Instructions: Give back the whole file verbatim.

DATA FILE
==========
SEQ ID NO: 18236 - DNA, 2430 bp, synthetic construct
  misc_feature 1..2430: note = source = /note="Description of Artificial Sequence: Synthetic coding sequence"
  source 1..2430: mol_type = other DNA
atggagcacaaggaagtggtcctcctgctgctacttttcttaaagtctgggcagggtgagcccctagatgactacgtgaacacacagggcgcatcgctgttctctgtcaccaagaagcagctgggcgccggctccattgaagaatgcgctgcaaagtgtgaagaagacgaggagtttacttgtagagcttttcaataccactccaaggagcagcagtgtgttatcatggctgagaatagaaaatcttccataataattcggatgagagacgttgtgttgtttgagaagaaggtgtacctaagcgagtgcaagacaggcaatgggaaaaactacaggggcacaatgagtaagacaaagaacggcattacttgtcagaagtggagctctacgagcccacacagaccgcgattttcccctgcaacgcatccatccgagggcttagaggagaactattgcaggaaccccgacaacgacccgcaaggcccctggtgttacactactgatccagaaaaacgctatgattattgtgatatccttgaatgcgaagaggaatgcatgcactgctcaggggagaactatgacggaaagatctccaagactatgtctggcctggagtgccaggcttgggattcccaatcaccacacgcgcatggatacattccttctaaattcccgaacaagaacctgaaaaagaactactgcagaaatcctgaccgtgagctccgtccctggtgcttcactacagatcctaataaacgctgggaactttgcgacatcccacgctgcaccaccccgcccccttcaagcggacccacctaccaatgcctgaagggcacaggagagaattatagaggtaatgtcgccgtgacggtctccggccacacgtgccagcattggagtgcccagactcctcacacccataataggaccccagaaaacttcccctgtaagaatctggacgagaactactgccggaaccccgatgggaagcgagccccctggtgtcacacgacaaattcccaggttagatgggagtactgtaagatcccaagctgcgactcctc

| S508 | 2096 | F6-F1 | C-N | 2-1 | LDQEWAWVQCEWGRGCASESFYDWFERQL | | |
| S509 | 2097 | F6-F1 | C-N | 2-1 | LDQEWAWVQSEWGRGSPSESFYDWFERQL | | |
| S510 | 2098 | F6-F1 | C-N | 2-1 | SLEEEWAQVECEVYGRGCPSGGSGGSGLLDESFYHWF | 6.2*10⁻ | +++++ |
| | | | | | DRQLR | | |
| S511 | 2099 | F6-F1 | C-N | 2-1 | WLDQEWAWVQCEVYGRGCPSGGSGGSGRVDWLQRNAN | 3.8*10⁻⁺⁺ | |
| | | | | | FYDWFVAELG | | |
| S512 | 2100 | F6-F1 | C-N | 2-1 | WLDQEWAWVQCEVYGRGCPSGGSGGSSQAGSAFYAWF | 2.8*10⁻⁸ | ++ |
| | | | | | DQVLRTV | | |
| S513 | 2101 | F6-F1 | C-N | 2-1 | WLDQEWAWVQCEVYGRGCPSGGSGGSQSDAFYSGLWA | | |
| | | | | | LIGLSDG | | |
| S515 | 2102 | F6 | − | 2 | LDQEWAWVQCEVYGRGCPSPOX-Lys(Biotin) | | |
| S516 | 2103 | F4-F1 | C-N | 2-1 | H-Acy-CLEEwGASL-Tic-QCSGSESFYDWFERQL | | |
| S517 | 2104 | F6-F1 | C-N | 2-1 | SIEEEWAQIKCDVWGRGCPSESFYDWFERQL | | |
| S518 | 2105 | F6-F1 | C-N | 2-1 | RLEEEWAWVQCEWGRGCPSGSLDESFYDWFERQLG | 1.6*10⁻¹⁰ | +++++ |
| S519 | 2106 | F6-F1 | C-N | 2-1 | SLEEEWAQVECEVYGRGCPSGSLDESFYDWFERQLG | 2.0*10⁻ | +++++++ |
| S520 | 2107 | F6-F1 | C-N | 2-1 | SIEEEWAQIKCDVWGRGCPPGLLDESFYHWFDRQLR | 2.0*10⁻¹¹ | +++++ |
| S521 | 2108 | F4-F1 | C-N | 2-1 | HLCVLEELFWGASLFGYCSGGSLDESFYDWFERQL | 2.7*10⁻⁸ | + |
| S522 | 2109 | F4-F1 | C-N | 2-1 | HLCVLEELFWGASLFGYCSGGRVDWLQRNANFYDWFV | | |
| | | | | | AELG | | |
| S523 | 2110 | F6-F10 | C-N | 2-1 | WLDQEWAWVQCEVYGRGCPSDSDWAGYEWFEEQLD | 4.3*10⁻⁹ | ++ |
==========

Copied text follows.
SEQ ID NO: 18236 - DNA, 2430 bp, synthetic construct
  misc_feature 1..2430: note = source = /note="Description of Artificial Sequence: Synthetic coding sequence"
  source 1..2430: mol_type = other DNA
atggagcacaaggaagtggtcctcctgctgctacttttcttaaagtctgggcagggtgagcccctagatgactacgtgaacacacagggcgcatcgctgttctctgtcaccaagaagcagctgggcgccggctccattgaagaatgcgctgcaaagtgtgaagaagacgaggagtttacttgtagagcttttcaataccactccaaggagcagcagtgtgttatcatggctgagaatagaaaatcttccataataattcggatgagagacgttgtgttgtttgagaagaaggtgtacctaagcgagtgcaagacaggcaatgggaaaaactacaggggcacaatgagtaagacaaagaacggcattacttgtcagaagtggagctctacgagcccacacagaccgcgattttcccctgcaacgcatccatccgagggcttagaggagaactattgcaggaaccccgacaacgacccgcaaggcccctggtgttacactactgatccagaaaaacgctatgattattgtgatatccttgaatgcgaagaggaatgcatgcactgctcaggggagaactatgacggaaagatctccaagactatgtctggcctggagtgccaggcttgggattcccaatcaccacacgcgcatggatacattccttctaaattcccgaacaagaacctgaaaaagaactactgcagaaatcctgaccgtgagctccgtccctggtgcttcactacagatcctaataaacgctgggaactttgcgacatcccacgctgcaccaccccgcccccttcaagcggacccacctaccaatgcctgaagggcacaggagagaattatagaggtaatgtcgccgtgacggtctccggccacacgtgccagcattggagtgcccagactcctcacacccataataggaccccagaaaacttcccctgtaagaatctggacgagaactactgccggaaccccgatgggaagcgagccccctggtgtcacacgacaaattcccaggttagatgggagtactgtaagatcccaagctgcgactcctc

| S508 | 2096 | F6-F1 | C-N | 2-1 | LDQEWAWVQCEWGRGCASESFYDWFERQL | | |
| S509 | 2097 | F6-F1 | C-N | 2-1 | LDQEWAWVQSEWGRGSPSESFYDWFERQL | | |
| S510 | 2098 | F6-F1 | C-N | 2-1 | SLEEEWAQVECEVYGRGCPSGGSGGSGLLDESFYHWF | 6.2*10⁻ | +++++ |
| | | | | | DRQLR | | |
| S511 | 2099 | F6-F1 | C-N | 2-1 | WLDQEWAWVQCEVYGRGCPSGGSGGSGRVDWLQRNAN | 3.8*10⁻⁺⁺ | |
| | | | | | FYDWFVAELG | | |
| S512 | 2100 | F6-F1 | C-N | 2-1 | WLDQEWAWVQCEVYGRGCPSGGSGGSSQAGSAFYAWF | 2.8*10⁻⁸ | ++ |
| | | | | | DQVLRTV | | |
| S513 | 2101 | F6-F1 | C-N | 2-1 | WLDQEWAWVQCEVYGRGCPSGGSGGSQSDAFYSGLWA | | |
| | | | | | LIGLSDG | | |
| S515 | 2102 | F6 | − | 2 | LDQEWAWVQCEVYGRGCPSPOX-Lys(Biotin) | | |
| S516 | 2103 | F4-F1 | C-N | 2-1 | H-Acy-CLEEwGASL-Tic-QCSGSESFYDWFERQL | | |
| S517 | 2104 | F6-F1 | C-N | 2-1 | SIEEEWAQIKCDVWGRGCPSESFYDWFERQL | | |
| S518 | 2105 | F6-F1 | C-N | 2-1 | RLEEEWAWVQCEWGRGCPSGSLDESFYDWFERQLG | 1.6*10⁻¹⁰ | +++++ |
| S519 | 2106 | F6-F1 | C-N | 2-1 | SLEEEWAQVECEVYGRGCPSGSLDESFYDWFERQLG | 2.0*10⁻ | +++++++ |
| S520 | 2107 | F6-F1 | C-N | 2-1 | SIEEEWAQIKCDVWGRGCPPGLLDESFYHWFDRQLR | 2.0*10⁻¹¹ | +++++ |
| S521 | 2108 | F4-F1 | C-N | 2-1 | HLCVLEELFWGASLFGYCSGGSLDESFYDWFERQL | 2.7*10⁻⁸ | + |
| S522 | 2109 | F4-F1 | C-N | 2-1 | HLCVLEELFWGASLFGYCSGGRVDWLQRNANFYDWFV | | |
| | | | | | AELG | | |
| S523 | 2110 | F6-F10 | C-N | 2-1 | WLDQEWAWVQCEVYGRGCPSDSDWAGYEWFEEQLD | 4.3*10⁻⁹ | ++ |